Academic journal article Foreign Language Annals

Blogging: Fostering Intercultural Competence Development in Foreign Language and Study Abroad Contexts

Academic journal article Foreign Language Annals

Blogging: Fostering Intercultural Competence Development in Foreign Language and Study Abroad Contexts

Article excerpt

Abstract:

An essential instructional goal in foreign language education is the enhancement of students' intercultural competence. This article reports on a study that examined how intercultural competence developed between study abroad and at home students (in Spain and the United States, respectively) who used blogs as a mediating tool over the course of a semester. The data, blogs and two questionnaires, were analyzed by applying Byram's (2000) assessment guidelines. The results showed that: (1) both study abroad and foreign language learners presented instances of intercultural competence as described in Byram's guidelines, with each group reflecting the unique characteristics of its context, and (2) blog interactions had a positive affect on the development of both groups' intercultural competence.

Key words: blogs, study-abroad, Byram's ICC model, intercultural competence, intercultural learning

Language: Spanish, relevant to all languages

Introduction

As an essential instructional goal in foreign language education, intercultural competence is also a means for our students to become citizens of the world. Intercultural competence involves the development of the learners' ability to interact with members of other cultures while being aware of differences and similarities and preventing overemphasis on foreignness or stereotyping. Within this framework, the instructor aims to create what it is known as a "third place" (Kramsch, 1993): a place "between the home and target cultures where all behavior (both of others and that of oneself) is seen as being grounded in a particular cultural context" (O'Dowd, 2003, p. 120). The third place allows students to separate themselves from the home and target cultures and to recognize the multiplicity of cultural identities that belong to all of us (O'Dowd, 2003). Although not an easy task, teachers need to integrate the intercultural component in their courses, with the idea of fostering students' perspectives about other cultures.

Learners who have immersion experiences generally develop a greater intercultural competence than learners who have only classroom experiences with the target language; however, the underlying educational goal in both contexts is the same. In the foreign language classroom, technology provides a range of tools that help students to access updated, authentic cultural materials and to communicate with native speakers of the target language. E-mails and videoconferences have been used in the past for intercultural competence development. This article argues that online personal journals, known as Web logs, or blogs, offer an effective means for foreign language learners to maintain contact with the culture of the target language and its speakers. Like in a personal Web page, blogs allow language students (individually, in pairs, or in groups) to upload descriptions of events, reflections, and even photographs. In addition to the students' entries, displayed in chronological order, the comment feature of blogs allows other learners or visitors to post responses, comments, and questions.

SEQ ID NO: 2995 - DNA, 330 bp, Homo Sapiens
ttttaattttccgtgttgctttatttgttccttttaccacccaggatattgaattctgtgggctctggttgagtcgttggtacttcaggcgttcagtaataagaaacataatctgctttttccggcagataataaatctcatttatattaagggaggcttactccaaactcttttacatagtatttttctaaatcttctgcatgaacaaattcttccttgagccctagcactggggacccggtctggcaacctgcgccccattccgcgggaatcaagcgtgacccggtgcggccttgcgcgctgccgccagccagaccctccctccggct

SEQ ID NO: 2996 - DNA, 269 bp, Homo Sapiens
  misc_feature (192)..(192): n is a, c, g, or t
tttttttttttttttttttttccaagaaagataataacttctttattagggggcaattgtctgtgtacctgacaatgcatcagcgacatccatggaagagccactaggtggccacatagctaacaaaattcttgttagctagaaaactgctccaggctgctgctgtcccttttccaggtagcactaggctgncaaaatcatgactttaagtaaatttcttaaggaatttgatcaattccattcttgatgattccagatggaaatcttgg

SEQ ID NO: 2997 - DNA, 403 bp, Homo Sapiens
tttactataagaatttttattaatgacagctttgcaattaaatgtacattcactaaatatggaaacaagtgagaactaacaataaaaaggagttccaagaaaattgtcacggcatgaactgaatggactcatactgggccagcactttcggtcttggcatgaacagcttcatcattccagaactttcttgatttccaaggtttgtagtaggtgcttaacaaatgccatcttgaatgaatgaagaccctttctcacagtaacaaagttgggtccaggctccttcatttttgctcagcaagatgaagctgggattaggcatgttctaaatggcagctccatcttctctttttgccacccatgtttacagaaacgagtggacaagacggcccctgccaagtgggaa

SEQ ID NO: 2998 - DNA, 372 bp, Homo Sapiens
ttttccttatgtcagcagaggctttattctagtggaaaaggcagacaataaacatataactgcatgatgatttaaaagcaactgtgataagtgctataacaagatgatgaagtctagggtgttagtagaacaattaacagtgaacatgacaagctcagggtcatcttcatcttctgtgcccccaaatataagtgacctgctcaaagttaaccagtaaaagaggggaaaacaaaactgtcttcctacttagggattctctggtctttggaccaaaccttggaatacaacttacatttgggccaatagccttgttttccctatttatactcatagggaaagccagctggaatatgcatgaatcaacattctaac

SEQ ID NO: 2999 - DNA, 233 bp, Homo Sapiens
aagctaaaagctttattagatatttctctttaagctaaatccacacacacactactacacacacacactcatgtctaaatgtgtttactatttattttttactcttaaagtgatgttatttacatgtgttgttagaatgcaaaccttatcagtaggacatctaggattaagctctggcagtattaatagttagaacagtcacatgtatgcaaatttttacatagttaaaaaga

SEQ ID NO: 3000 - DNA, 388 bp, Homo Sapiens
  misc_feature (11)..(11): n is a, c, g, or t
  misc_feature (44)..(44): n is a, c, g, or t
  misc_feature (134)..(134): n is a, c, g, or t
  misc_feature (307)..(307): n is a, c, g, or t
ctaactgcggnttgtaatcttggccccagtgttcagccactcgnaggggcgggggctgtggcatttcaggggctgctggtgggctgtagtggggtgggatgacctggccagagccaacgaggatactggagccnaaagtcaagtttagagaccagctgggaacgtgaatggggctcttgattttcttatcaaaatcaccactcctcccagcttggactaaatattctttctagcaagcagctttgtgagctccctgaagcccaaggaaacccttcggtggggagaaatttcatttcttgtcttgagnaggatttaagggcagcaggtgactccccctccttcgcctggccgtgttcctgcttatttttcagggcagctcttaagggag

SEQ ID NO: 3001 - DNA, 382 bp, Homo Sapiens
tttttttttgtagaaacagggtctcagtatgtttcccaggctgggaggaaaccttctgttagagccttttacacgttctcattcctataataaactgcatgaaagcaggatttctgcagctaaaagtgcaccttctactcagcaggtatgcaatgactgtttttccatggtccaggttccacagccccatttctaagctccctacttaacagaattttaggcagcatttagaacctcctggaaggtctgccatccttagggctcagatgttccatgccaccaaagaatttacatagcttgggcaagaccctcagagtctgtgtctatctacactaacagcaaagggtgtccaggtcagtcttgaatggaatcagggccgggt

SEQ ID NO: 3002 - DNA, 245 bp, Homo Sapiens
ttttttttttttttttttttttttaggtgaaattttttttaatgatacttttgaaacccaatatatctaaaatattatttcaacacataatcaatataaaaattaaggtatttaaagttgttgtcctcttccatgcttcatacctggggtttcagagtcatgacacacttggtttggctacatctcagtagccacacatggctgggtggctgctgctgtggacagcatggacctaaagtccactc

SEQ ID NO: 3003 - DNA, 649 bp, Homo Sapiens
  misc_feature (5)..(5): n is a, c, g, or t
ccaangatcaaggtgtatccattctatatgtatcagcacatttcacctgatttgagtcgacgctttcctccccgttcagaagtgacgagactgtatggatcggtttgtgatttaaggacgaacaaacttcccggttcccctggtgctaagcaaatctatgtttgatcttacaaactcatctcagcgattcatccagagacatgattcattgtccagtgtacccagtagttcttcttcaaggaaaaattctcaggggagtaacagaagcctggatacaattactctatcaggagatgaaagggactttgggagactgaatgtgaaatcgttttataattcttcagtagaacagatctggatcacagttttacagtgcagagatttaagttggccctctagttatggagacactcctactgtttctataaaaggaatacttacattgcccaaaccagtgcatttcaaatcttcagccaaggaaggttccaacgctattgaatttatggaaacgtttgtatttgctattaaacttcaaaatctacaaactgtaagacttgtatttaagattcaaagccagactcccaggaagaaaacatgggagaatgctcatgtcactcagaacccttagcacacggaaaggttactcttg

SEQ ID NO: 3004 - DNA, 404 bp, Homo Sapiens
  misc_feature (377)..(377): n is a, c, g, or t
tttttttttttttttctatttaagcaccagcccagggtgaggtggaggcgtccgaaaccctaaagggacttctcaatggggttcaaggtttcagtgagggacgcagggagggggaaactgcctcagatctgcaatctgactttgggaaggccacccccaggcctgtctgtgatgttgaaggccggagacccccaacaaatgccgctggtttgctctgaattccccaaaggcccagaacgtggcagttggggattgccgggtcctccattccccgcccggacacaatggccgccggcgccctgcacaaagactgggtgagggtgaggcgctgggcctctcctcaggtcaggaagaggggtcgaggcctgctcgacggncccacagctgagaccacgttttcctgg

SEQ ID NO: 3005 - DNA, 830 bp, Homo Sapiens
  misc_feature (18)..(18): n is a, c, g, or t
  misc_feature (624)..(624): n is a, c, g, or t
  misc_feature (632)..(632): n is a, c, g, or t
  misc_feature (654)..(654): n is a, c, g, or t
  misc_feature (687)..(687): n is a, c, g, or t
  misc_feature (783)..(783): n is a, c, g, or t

As O'Dowd (2003) has suggested, the majority of the studies which have examined intercultural competence through technology have explored communication between native and nonnative speakers in relation to tolerance and reduction of stereotypes, or they have examined the extent to which these objectives can be achieved in an exchange or immersion context. Yet, foreign language learners do not always have the possibility of contacting members of the target culture and may not have access to experiences provided through first-hand communication with native speakers. Via blogs, however, they can establish contact with study abroad students, who are able to share their experiences, observations, and reflections on the target country with family, friends, and classmates back home (Ducate & Lomicka, 2005).

The present study reports on the exchanges between study abroad students and at home students with the intention of observing students' intercultural competence as revealed in blog exchanges. …

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